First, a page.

My friend Al wrote a post reflecting on her birth story, 20 months later. Then my friend SRB wrote a similar one, in preparation for the birth of her second child in the next few weeks. They have inspired me.
You have your “birth story”, where you might speak briefly of nervousness and incredible pain, but in the end it’s all relief and unadulterated joy that baby arrived. As SRB pointed out, that’s baby’s story. Mom has a story too, which likely gets buried under her need to appear totally grateful and happy. Oh, and the very immediate need to, you know, take care of a BRAND NEW TINY PERSON.
So here’s my story of having Alexander, now that I have eight months of perspective.
I should start by saying I always had a gut instinct that I’d have a c-section. Maybe it was a self-fulfilling prophecy. Maybe it was because infertility wrecked my confidence in my body. But the truth is, my mom labored for hours with me and ended up having a c-section, and my husband was breech but born vaginally in a very dangerous delivery. So yeah, I figured there was a good chance a c-section was in store for me.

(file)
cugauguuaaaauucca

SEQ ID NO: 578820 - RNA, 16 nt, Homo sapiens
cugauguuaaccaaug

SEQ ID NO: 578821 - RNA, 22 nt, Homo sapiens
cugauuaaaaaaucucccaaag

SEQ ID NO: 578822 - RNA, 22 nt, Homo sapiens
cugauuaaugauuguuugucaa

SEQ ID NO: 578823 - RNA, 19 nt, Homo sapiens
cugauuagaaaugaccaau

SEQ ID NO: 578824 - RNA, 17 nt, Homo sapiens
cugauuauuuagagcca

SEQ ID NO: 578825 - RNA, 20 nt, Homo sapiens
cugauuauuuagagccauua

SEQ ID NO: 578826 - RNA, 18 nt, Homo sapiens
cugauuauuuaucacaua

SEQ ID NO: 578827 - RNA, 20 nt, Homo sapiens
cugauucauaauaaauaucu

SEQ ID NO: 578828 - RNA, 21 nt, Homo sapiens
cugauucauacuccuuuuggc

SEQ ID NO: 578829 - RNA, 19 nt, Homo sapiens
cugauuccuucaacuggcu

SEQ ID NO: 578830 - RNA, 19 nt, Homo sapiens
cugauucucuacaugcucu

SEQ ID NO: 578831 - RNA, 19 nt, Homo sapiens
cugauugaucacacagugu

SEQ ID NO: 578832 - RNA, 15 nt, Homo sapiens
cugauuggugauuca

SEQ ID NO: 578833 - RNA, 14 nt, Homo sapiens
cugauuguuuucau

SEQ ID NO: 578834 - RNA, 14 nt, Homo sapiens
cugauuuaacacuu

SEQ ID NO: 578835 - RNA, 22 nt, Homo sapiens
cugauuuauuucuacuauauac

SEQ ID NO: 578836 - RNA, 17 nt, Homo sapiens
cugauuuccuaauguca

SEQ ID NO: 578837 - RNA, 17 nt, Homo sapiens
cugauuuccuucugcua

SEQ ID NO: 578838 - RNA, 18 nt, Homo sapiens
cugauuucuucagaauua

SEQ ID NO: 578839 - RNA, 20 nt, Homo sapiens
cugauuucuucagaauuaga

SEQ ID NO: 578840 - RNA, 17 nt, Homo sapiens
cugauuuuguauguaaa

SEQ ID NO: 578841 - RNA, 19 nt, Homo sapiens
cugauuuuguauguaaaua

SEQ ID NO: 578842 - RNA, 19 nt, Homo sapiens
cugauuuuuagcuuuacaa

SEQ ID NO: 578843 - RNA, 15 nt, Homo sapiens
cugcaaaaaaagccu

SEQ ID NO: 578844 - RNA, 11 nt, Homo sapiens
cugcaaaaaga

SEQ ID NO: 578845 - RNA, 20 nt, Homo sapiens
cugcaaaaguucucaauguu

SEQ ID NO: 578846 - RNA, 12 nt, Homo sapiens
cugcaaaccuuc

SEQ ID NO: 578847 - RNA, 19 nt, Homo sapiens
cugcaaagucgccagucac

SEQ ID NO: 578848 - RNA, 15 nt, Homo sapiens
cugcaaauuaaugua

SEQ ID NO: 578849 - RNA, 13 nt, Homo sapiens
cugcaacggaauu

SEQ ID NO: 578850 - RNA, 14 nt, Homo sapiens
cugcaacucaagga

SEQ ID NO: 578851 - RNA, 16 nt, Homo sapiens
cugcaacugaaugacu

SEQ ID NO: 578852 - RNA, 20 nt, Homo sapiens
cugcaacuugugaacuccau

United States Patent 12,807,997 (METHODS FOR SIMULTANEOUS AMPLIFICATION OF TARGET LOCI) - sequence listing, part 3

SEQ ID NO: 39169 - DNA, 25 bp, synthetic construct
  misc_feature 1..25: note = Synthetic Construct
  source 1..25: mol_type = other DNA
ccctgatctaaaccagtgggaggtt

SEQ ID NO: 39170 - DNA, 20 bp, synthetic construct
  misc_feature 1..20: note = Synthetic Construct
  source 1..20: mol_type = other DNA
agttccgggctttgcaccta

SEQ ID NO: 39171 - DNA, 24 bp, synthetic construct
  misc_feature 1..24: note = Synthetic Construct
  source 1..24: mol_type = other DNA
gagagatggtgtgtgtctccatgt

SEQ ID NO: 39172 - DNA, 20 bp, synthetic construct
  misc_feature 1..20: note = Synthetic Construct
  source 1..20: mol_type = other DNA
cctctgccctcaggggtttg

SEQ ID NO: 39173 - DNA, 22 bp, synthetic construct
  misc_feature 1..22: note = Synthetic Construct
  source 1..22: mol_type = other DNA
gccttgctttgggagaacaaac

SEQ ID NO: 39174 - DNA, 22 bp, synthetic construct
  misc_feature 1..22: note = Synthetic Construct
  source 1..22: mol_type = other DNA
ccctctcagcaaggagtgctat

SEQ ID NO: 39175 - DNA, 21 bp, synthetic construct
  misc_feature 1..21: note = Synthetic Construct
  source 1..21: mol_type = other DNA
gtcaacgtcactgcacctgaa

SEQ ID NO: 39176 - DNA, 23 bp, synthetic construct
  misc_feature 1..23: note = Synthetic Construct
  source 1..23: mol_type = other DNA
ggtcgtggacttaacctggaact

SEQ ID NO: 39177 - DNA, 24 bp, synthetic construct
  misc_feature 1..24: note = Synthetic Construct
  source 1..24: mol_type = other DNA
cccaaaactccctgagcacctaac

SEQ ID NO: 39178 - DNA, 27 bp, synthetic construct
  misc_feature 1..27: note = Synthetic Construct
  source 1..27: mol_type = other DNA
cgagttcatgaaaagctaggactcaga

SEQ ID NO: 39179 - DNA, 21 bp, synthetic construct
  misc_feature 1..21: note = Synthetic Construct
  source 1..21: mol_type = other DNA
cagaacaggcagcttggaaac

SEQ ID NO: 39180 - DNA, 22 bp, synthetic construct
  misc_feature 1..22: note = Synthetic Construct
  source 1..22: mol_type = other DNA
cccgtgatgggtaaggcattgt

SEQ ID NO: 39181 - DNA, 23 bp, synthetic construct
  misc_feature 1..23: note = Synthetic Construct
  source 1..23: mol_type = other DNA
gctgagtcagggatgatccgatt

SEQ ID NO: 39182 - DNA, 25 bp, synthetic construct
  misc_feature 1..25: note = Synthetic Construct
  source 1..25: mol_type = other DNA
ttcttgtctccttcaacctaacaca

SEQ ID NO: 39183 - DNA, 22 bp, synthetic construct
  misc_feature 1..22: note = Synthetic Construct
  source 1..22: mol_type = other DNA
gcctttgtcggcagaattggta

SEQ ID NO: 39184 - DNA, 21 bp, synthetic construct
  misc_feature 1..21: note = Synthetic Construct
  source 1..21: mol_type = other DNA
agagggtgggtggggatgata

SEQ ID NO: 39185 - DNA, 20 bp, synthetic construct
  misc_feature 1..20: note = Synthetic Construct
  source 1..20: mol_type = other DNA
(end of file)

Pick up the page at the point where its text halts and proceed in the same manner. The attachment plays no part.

It goes without saying (but I’ll say it anyway) that I was very anxious the whole pregnancy and had a hard time believing I was going to end up with a healthy baby at the end.
Alex was almost always breech, from the get go. I may have had one appointment where he was head-down. Everyone was all “don’t worry!” “he’ll flip!” and well, I just knew he wasn’t going to. That baby felt comfortable in there.
Around 30 weeks, my fundal height started measuring small. No big deal, but something to watch. Around 34 weeks, I had a growth ultrasound and baby was measuring small. I started having a bad feeling, but still, no one was worried. “Some babies are small!” “He’s breech, it’s hard to get a good measurement!”